What makes a fifty-year-old man quit a highly successful career in charity work to take on the low-paid, dangerous job of being a police officer?
By Kale Olander After spending 13 nights camping in the bush of Tanzania, I was coated with a thick layer of dirt and rocking a serious farmer’s tan, all while covered in bug bites and countless cuts from the unrelenting East African flora. Even my identity had changed: I was no longer known as “Kale,”
By Kelsey Stimson My heart is pounding. My thoughts are racing. The Jeep is swerving. The sights and smells are unrecognizable, unlike anything I have ever seen or experienced before. And that’s when I knew I had finally arrived in Africa. The first night was euphoric. The market was full of life. There were men on
By Edie Shipler I woke to the sound of one of my tour guides banging on the side of my tent and moving on the tent next to mine trying to wake everyone up. It was our last night of sleeping in tents in the bush in Tanzania after 14 days and it had definitely
By Kevin Shepard I’ve wanted to travel to East Africa since I took a freshman anthropology class at CU taught by professor Laura DeLuca called Regional Cultures of Africa. In May 2013, I was given the opportunity to travel to Tanzania with Dr. DeLuca’s Global Seminar Program. In the seminar, Tanzania on Conservation/Globalization in Tanzania,
University of Colorado Boulder faculty and students are part of international science teams that made two of the top 10 breakthroughs in physics in 2012 as judged by Physics World magazine. A team involving CU-Boulder was cited for making the first direct observations of a phenomenon known as “time reversal violation” by measuring the rate
CU-Boulder was awarded an astonishing $359 million in research funding in 2011. It is the No. 1 NASA-funded public university.
While excavating a 1,000-year-old seaside house in Alaska’s Seward Peninsula, researchers led by CU-Boulder made a startling discovery.
Did you happen to spy the black-and-gold cords some graduating seniors wore during commencement in December?
There is one unofficial event attracting thousands of people the university and many of its students would love to extinguish — the annual 4/20 gathering.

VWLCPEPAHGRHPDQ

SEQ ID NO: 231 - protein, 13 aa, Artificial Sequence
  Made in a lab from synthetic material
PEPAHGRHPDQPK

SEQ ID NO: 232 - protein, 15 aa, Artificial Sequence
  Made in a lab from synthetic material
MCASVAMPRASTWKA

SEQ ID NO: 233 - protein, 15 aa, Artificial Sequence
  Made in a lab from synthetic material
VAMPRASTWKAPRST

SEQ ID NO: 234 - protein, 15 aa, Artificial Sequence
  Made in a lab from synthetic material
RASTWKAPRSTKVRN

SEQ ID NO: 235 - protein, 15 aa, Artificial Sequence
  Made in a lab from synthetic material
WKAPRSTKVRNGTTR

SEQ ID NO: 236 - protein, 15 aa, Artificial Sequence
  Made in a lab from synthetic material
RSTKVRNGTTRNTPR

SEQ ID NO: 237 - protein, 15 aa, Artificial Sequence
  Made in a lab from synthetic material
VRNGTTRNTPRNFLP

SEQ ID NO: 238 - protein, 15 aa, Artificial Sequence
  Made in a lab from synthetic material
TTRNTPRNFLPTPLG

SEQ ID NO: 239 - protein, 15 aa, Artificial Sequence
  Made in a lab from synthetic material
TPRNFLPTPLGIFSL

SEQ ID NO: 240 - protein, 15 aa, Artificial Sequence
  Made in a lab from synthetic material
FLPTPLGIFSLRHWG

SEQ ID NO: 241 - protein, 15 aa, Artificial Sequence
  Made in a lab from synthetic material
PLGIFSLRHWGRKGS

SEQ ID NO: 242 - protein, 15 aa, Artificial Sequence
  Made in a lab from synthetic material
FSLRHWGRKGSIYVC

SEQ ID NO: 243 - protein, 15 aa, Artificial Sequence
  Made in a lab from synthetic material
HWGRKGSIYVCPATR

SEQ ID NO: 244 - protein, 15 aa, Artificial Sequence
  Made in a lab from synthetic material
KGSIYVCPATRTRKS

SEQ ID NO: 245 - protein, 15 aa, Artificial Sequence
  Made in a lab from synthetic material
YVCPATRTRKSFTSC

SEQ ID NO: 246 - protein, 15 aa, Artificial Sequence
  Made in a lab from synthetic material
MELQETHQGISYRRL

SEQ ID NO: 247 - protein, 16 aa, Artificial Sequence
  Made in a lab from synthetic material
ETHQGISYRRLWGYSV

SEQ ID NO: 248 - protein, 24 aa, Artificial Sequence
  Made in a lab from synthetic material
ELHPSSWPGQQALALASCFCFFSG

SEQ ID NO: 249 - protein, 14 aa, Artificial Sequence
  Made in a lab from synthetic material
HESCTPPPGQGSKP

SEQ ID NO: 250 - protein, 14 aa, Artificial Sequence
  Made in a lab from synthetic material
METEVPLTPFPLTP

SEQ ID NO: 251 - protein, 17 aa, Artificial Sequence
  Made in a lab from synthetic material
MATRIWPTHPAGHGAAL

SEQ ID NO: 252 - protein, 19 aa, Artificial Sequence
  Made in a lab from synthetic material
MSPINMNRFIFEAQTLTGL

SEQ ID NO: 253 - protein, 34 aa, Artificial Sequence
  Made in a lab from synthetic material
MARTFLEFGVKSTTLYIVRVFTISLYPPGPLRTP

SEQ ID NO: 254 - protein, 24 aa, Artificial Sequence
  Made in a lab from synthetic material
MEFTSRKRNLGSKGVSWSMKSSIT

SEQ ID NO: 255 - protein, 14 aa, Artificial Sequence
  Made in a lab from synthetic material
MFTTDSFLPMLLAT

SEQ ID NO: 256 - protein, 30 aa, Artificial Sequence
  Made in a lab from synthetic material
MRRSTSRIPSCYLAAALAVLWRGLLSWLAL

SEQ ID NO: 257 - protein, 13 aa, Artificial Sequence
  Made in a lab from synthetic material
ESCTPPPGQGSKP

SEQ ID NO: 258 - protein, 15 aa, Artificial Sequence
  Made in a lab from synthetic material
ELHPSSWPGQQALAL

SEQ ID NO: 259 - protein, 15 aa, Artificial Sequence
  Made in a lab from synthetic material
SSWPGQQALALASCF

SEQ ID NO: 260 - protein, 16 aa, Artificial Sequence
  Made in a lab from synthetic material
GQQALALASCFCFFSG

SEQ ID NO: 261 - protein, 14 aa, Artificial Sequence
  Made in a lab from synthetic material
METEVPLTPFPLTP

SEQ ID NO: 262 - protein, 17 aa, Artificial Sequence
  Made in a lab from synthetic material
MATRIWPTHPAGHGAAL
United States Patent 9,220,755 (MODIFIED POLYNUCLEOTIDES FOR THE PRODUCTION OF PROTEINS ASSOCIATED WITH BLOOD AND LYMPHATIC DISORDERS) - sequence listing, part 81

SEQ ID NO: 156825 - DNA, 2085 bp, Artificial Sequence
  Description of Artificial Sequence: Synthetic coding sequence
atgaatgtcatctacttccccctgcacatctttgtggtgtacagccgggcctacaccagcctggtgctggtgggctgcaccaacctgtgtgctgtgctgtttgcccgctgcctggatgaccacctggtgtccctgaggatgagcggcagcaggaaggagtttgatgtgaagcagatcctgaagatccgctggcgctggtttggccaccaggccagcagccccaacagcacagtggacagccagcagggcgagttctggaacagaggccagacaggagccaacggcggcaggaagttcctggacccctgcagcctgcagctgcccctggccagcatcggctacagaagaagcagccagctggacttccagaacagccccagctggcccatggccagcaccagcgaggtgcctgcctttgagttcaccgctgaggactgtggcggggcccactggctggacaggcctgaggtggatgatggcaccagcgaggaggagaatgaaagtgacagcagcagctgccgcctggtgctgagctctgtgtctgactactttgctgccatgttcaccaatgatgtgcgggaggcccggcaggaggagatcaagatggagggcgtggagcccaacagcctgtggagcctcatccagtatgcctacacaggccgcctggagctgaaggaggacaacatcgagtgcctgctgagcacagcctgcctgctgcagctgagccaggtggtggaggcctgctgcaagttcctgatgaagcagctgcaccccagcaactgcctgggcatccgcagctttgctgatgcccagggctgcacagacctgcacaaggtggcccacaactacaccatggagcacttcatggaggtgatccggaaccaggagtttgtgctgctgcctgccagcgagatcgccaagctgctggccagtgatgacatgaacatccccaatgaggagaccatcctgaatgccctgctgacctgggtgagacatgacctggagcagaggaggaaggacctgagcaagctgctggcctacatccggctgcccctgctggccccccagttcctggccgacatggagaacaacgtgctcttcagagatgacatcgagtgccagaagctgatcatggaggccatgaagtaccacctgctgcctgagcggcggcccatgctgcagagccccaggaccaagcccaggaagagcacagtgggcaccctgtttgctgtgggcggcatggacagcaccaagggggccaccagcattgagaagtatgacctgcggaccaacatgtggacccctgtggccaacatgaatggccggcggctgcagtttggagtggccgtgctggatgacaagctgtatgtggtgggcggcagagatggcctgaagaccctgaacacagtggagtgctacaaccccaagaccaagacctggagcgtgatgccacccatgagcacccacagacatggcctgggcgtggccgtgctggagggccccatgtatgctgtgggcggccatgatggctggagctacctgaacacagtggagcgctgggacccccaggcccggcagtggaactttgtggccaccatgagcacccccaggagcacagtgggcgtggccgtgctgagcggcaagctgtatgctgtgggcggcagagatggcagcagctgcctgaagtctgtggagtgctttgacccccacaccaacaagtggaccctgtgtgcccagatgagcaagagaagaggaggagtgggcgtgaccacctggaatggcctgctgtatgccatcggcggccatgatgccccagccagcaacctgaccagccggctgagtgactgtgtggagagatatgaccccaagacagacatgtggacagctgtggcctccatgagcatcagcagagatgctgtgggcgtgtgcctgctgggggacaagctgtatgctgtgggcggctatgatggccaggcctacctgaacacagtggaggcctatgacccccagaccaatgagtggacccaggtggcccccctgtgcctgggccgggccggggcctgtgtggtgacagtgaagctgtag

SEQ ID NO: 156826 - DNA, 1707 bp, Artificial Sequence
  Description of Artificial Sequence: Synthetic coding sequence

It’s all about the numbers. Here’s some statistics you can use.
Know someone struggling to quit smoking? Tell her to blame genetics, say CU-Boulder researchers who led a study on twins and smoking.
You may want to think twice before you post your photo to an online dating site.
Audrey Hepburn’s role as a headstrong princess leads her to fall in love with actor Gregory Peck’s character in the 1953 movie Roman Holiday. But screenwriter Dalton Trumbo’s (A&S’29) relationship with the film was seemingly nonexistent as he was excluded from its credits until this year.
There’s been a lot of talk about traumatic head injuries in football this year. I figured if anyone associated with Buffalo football would have an interesting take on the issue, it would be CU’s two-time All-American guard/linebacker and Rhodes Scholar Joe Romig (Phys’63, PhDAstro’75).
What do 112 CU-Boulder alums have in common? They are all Peace Corps volunteers who helped CU-Boulder become first in the nation for the second consecutive year in Peace Corps participation.
On Oct. 11, university officials filled a time capsule with contemporary items and placed it in the Macky cornerstone to be reopened in 100 years.
Beginning in the spring, CU-Boulder students studying journalism as a major will be required to undertake an additional course of study under the new Journalism Plus program.
Don’t let Williams Village’s 1960s architecture fool you into thinking the complex is stuck in yesteryear.
Self-injury occurs mostly among those in their teens and 20s, can occur in the 30s and grows more rare after age 40.
Have a problem? Start an innovative tech-based business to fix it, say some CU-Boulder entrepreneurial students and young alumni.
Other than drinking coffee in the UMC and beer at The Sink, is there any more widely-shared experience among CU-Boulder alumni than driving up the turnpike from Denver and seeing Boulder and the university from the top of Davidson Mesa?
In 1960 donations made up 1 percent of CU-Boulder’s budget and state support accounted for 30 percent.
Do you ever wonder why you have a difficult time paying attention? Or why some people are more sensitive to pain?
As one of the world’s leading institutions in solar research, CU-Boulder was selected this fall to serve as the headquarters of the National Solar Observatory.
For decades The Hill has been the place for students to buy coffee, record albums or a burger. The Sink, formerly Sunken Gardens and Herbie’s Deli, has managed to outlive every business on the strip. While Tulagi’s doors shuttered, the Tulagi sign remains.
Maybe the clothes are the problem – Gentleman’s Quarterly says ‘take it all off’.
Boulder stays fit by staying on the move.
When Rod Falk’s middle school students create their own arcade classics like Frogger, Pac-Man and Space Invaders in his computer lab, they develop critical thinking skills.
Amid a limping economy, CU alumni and friends rallied to support the university, giving a record-breaking $213.2 million during the 12 months ending June 30, 2011.